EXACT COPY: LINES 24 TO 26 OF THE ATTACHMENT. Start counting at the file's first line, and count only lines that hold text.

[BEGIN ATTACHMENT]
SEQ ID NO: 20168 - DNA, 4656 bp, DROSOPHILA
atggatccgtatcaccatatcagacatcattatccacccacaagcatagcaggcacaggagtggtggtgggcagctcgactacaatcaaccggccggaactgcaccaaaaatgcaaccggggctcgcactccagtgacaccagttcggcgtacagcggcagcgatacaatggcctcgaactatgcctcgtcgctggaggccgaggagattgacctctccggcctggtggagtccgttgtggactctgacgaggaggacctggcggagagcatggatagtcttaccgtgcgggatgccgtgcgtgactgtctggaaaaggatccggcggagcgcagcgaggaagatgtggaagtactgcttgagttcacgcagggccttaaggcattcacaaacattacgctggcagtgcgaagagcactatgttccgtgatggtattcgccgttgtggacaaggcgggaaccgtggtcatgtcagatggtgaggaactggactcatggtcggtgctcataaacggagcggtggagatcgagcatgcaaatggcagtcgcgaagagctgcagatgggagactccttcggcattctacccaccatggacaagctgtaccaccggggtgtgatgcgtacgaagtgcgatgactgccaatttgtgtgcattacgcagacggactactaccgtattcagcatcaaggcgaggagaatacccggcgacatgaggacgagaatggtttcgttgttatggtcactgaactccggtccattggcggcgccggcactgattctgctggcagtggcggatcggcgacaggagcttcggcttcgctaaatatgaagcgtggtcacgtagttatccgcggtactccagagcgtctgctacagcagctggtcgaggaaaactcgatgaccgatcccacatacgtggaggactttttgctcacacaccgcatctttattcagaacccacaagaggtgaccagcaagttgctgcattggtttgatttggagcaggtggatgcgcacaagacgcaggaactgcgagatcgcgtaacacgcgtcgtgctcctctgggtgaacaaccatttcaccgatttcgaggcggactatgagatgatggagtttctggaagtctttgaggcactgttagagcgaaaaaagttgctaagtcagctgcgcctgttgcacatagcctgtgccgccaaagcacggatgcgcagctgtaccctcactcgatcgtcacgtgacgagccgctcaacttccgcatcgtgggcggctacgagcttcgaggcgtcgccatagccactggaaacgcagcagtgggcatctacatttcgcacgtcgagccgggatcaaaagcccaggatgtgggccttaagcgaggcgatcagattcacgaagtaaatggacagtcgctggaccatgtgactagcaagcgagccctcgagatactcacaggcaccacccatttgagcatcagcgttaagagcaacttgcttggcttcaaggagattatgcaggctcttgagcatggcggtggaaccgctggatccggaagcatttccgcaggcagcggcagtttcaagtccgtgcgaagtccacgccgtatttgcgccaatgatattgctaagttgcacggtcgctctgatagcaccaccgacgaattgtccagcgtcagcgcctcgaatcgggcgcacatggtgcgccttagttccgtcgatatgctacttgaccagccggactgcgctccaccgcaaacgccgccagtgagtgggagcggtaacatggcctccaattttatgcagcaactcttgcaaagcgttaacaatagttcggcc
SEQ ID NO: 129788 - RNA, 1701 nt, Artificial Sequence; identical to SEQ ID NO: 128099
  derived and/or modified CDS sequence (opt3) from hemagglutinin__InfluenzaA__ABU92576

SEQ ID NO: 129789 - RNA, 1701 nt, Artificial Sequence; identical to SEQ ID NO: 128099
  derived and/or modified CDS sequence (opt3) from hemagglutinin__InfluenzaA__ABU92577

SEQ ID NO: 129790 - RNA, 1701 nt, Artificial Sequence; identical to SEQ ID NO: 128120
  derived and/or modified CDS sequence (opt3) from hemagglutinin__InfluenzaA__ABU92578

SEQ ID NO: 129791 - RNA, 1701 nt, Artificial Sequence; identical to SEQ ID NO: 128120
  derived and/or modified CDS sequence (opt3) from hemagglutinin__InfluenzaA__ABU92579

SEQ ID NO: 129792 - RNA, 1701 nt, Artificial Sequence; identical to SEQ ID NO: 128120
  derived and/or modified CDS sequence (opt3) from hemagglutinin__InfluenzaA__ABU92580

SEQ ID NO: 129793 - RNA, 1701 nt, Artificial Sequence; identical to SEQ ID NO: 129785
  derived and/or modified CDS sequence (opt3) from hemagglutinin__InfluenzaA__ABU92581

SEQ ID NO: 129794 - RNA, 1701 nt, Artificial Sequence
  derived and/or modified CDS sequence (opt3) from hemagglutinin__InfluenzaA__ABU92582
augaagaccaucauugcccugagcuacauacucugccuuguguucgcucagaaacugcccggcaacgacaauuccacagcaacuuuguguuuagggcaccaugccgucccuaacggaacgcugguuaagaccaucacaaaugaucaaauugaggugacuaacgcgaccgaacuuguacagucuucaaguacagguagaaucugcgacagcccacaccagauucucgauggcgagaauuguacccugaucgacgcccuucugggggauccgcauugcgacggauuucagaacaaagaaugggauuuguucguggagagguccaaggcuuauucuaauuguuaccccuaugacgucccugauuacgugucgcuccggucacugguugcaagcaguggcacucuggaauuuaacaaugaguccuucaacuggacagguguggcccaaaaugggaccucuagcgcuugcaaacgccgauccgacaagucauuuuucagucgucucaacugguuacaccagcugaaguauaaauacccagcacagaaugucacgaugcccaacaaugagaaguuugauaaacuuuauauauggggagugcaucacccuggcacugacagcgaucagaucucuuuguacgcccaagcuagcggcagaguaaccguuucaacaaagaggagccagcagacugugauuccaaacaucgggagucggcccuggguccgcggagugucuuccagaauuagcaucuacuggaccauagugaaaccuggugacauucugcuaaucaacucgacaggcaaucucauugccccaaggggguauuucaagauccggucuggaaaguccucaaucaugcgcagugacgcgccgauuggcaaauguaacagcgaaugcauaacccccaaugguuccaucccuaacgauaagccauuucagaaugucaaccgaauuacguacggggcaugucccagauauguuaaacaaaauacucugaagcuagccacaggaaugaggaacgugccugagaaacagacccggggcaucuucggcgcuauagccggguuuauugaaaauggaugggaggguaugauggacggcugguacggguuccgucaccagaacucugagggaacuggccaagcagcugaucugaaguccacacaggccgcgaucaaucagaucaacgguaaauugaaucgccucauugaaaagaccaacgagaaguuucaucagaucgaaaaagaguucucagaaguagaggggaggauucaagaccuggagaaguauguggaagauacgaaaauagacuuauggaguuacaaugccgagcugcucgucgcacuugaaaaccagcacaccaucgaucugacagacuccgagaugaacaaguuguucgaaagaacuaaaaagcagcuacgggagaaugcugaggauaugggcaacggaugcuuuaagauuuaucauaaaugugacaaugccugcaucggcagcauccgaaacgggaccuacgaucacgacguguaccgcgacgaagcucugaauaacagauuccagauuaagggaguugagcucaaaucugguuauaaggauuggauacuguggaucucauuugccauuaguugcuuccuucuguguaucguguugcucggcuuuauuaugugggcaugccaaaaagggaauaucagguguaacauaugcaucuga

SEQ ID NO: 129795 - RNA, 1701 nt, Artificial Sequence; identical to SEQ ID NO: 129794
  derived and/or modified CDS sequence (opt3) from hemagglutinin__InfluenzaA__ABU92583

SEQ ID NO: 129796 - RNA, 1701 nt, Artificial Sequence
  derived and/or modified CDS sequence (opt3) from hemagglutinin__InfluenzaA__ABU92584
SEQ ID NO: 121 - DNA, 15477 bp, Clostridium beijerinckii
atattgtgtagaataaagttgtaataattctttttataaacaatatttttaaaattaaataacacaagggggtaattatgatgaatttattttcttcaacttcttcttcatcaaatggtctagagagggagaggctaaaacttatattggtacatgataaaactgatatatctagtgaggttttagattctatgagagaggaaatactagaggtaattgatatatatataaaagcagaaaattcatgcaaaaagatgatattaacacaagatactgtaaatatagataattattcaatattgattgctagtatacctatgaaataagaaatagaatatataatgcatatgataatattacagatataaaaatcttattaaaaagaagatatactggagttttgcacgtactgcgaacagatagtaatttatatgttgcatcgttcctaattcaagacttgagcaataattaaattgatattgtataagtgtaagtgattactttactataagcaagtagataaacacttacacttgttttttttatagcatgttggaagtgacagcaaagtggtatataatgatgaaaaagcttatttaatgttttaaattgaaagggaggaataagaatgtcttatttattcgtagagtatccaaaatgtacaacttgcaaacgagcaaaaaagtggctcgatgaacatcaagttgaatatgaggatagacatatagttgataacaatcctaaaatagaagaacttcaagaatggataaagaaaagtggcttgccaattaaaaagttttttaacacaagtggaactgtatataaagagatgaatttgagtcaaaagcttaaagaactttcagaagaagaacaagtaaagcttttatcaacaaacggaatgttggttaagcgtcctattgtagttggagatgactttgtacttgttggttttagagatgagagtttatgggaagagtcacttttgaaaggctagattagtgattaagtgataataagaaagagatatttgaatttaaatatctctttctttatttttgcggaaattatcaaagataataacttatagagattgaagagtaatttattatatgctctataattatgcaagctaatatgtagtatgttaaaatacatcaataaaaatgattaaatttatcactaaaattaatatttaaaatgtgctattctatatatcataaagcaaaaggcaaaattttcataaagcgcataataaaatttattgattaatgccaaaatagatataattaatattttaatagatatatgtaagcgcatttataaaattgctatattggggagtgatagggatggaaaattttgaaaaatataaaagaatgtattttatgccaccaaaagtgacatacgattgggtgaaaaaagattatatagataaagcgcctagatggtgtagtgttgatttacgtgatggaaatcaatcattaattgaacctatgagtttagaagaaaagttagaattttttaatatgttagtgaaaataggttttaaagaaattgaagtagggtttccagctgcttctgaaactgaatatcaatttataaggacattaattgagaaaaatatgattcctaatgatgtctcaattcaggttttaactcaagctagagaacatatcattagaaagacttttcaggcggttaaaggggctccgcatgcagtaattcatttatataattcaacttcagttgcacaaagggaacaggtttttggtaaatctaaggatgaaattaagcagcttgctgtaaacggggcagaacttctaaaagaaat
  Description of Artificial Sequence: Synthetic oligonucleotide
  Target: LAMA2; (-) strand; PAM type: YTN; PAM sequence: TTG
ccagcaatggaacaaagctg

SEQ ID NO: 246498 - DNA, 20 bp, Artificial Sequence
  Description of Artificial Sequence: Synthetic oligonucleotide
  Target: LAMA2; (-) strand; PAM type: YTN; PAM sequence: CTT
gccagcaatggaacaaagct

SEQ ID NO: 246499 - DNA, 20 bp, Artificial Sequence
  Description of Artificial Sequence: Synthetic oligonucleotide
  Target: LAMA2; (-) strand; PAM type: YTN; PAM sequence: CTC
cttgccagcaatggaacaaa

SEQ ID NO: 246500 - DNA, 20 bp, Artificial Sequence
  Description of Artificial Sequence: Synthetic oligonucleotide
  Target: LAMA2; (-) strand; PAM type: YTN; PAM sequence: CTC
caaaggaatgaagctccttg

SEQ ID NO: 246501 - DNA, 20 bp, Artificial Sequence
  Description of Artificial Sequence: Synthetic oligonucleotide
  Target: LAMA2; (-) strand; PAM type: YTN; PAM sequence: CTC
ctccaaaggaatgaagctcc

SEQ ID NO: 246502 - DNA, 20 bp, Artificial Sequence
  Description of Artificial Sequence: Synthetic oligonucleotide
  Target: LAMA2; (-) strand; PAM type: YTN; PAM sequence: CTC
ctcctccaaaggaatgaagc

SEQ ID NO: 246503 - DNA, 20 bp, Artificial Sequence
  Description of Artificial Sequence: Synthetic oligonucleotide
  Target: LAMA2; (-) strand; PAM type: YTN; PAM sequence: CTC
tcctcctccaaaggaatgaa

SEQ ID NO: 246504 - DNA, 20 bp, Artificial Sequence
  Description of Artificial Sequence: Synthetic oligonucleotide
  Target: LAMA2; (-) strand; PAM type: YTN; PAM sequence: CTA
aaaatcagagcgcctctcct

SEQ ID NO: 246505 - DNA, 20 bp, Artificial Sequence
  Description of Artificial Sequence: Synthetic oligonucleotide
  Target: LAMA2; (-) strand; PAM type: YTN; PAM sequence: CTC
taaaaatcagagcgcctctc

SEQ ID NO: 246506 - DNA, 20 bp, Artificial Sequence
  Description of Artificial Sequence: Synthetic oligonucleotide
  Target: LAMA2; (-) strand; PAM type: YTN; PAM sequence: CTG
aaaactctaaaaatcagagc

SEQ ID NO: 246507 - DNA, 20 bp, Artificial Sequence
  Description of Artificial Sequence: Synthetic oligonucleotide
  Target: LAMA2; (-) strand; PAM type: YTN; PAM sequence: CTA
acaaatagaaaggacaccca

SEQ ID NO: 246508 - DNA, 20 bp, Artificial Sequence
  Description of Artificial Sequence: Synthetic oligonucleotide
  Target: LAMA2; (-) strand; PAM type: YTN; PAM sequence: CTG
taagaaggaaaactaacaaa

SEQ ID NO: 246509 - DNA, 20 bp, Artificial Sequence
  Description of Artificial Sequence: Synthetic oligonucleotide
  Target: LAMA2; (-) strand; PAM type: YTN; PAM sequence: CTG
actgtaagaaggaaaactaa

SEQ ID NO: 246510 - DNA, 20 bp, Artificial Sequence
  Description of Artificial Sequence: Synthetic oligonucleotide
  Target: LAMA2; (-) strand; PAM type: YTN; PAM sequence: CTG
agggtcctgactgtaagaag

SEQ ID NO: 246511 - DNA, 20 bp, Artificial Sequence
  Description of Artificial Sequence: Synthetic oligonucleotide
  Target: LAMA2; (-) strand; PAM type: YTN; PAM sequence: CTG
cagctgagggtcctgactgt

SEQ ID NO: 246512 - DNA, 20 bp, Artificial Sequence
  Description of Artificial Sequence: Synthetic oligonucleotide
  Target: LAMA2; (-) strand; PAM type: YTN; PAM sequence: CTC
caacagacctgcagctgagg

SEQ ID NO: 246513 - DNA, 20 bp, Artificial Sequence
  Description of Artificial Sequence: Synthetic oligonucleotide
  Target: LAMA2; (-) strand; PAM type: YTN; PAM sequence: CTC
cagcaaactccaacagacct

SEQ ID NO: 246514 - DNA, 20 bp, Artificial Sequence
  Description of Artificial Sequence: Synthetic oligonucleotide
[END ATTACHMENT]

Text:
  Description of Artificial Sequence: Synthetic oligonucleotide
  Target: LAMA2; (-) strand; PAM type: YTN; PAM sequence: TTG
ccagcaatggaacaaagctg